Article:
ALPHV ransomware dark website seized by FBI

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Several websites belonging to the ALPHV ransomware group (also known as BlackCat) have been seized, and the decryptor for the malware released, authorities have announced.

The U.S. Department of Justice (DoJ) published a press release announcing the disruption of ALPHV’s infrastructure, and the subsequent release of the decryptor that helped roughly 500 victims in the US, and around the world. 

This is the result of a joint, coordinated action, led by the FBI, in which multiple law enforcement agencies participated, TechCrunch reported, among which are the police departments from the UK, Denmark, Germany, Spain, and Australia. Europol also confirmed being involved in the operation but declined to share further details.

Hacking the hackers

Reports also indicate that the entire operation was made possible thanks to a “confidential human source” who was close with the group and gave the agents access to ALPHV’s affiliate panel, where the hackers managed their victims. 

ALPHV’s data leak site has been seized, and visitors are now greeted with the typical FBI takedown defacement page.

BlackCat was one of the most active, dangerous ransomware groups out there. It infected hundreds of organizations and encrypted thousands of computers around the world. Among its victims were critical infrastructure organizations, too, the DoJ confirmed. The release of a decryptor will enable victims to regain access to their sensitive data and deter those currently blocked from succumbing to the temptation to pay the ransom.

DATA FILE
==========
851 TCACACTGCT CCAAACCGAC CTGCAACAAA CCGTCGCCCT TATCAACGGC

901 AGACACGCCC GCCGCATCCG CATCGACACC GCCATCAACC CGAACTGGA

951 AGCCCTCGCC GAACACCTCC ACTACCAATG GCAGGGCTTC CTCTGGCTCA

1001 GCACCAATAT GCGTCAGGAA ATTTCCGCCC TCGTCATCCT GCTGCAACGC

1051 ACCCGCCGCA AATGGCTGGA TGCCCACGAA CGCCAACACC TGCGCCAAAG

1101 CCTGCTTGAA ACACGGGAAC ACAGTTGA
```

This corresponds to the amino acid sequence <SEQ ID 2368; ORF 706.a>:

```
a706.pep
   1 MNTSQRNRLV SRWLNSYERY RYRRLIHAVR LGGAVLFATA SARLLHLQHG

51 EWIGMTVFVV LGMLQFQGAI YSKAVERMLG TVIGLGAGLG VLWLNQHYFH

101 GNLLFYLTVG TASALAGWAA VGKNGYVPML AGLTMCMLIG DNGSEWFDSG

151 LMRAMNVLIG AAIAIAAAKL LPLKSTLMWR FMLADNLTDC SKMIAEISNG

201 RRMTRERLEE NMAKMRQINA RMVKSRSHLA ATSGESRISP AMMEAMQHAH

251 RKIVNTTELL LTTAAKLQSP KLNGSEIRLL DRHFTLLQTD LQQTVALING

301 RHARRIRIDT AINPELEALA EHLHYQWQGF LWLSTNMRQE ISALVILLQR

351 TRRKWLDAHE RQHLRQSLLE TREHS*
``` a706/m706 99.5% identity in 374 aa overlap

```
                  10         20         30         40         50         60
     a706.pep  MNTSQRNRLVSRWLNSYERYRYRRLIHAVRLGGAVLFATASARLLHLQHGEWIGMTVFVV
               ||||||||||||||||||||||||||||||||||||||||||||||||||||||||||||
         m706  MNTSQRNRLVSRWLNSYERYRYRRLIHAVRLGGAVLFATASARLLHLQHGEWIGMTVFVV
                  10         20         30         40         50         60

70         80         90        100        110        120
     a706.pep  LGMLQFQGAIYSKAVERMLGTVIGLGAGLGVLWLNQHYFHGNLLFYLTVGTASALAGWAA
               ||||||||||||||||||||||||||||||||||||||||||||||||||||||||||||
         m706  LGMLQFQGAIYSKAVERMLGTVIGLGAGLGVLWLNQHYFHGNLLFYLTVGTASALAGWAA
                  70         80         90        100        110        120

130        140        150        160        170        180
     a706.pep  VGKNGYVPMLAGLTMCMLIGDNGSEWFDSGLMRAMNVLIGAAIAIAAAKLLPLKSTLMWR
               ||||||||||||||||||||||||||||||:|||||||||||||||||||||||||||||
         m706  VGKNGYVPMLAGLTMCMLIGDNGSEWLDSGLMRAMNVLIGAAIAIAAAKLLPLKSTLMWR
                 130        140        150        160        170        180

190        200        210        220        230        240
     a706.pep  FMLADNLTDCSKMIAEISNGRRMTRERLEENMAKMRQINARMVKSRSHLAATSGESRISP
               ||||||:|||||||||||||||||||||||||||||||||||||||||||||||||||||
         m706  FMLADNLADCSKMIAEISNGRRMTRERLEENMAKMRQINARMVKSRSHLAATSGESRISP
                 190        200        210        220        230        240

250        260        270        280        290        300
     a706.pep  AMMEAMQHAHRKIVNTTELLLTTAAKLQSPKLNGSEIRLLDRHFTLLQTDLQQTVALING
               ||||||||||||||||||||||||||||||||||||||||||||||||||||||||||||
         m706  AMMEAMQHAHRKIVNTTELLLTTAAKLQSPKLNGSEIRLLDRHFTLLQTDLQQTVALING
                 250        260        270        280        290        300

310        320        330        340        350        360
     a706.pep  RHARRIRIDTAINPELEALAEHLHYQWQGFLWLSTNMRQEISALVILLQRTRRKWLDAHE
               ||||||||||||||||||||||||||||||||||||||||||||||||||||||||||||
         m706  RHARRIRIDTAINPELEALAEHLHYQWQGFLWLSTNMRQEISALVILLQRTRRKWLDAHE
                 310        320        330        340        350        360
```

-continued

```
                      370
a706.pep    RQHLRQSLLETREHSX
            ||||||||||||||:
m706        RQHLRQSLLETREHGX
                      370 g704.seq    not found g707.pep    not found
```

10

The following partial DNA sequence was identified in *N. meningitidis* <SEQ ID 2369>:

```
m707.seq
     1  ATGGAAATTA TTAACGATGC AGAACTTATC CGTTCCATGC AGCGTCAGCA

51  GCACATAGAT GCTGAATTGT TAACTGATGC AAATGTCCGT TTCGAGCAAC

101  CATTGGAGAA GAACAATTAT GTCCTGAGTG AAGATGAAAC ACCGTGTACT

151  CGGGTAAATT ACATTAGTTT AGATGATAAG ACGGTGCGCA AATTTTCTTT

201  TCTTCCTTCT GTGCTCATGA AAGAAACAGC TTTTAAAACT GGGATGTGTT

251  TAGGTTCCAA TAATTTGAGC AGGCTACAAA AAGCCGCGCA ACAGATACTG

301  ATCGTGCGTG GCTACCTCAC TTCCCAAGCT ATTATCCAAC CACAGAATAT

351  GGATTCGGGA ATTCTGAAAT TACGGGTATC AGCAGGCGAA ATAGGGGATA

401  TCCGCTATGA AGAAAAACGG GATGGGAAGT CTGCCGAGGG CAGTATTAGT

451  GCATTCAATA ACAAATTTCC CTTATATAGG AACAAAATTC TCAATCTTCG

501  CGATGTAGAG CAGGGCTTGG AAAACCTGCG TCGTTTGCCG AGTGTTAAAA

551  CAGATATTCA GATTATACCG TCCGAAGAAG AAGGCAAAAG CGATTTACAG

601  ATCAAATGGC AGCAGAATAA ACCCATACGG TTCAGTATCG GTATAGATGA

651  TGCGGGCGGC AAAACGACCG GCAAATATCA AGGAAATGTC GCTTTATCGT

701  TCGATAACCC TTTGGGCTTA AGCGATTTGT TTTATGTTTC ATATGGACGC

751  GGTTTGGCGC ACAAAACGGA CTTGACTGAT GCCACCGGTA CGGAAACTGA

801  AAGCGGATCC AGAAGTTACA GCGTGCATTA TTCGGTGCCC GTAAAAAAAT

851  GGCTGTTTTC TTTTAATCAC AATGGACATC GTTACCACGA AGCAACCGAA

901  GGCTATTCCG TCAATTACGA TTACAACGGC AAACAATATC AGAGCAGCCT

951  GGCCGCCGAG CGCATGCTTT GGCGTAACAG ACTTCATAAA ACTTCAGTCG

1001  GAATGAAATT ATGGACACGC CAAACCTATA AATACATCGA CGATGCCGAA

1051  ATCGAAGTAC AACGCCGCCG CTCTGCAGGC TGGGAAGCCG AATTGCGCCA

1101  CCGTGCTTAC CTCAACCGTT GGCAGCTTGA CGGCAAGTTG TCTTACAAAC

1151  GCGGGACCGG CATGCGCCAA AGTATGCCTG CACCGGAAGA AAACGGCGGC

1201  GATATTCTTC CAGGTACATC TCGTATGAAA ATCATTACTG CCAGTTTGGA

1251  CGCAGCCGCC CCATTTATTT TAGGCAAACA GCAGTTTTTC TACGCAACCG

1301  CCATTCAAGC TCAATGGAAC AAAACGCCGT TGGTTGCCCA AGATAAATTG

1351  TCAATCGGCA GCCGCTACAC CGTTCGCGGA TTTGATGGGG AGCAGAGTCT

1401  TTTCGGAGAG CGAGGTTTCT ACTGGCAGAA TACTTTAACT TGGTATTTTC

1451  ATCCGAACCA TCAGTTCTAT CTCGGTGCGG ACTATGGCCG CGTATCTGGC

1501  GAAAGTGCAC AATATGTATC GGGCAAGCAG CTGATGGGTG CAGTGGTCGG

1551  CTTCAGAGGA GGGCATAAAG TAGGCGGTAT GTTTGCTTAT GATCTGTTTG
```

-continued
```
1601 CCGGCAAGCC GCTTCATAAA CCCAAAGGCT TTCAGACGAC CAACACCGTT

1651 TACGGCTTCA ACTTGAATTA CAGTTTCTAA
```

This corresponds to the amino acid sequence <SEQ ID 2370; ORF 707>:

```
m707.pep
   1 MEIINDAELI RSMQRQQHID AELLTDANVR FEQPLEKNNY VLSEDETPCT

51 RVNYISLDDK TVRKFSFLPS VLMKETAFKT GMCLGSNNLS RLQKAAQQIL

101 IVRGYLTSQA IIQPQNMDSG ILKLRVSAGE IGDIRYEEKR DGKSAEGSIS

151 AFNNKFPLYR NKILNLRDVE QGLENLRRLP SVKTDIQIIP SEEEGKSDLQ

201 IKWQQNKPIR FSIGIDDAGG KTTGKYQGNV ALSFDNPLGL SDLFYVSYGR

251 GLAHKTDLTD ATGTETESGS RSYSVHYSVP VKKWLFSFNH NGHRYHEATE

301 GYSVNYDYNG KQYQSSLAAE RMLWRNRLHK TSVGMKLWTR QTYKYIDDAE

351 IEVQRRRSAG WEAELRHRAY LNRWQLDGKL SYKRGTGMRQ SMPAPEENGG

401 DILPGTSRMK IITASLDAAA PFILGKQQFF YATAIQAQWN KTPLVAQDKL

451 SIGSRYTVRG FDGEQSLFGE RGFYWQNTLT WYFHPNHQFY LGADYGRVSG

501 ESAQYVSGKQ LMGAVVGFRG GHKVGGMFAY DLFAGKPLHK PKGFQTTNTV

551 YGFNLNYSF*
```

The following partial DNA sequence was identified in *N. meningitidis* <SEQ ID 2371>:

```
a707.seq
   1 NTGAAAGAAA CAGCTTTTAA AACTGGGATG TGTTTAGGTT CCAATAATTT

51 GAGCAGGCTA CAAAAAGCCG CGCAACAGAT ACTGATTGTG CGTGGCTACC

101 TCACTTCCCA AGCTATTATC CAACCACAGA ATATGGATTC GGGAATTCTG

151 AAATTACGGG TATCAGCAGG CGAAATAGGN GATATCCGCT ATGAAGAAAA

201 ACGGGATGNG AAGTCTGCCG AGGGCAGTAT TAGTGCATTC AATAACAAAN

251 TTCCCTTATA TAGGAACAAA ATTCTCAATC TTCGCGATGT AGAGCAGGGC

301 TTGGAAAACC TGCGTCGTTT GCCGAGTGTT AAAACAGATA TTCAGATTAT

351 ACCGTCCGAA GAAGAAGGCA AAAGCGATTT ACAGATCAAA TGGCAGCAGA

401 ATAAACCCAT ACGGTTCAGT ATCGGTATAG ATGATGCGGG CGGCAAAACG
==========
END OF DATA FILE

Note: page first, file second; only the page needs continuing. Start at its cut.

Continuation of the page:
The FBI says BlackCat is currently demanding some $68 million from its victims. 

“In disrupting the BlackCat ransomware group, the Justice Department has once again hacked the hackers,” said Deputy Attorney General Lisa O. Monaco. “With a decryption tool provided by the FBI to hundreds of ransomware victims worldwide, businesses and schools were able to reopen, and health care and emergency services were able to come back online. We will continue to prioritize disruptions and place victims at the center of our strategy to dismantle the ecosystem fueling cybercrime.”

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Sead is a seasoned freelance journalist based in Sarajevo, Bosnia and Herzegovina. He writes about IT (cloud, IoT, 5G, VPN) and cybersecurity (ransomware, data breaches, laws and regulations). In his career, spanning more than a decade, he’s written for numerous media outlets, including Al Jazeera Balkans. He’s also held several modules on content writing for Represent Communications.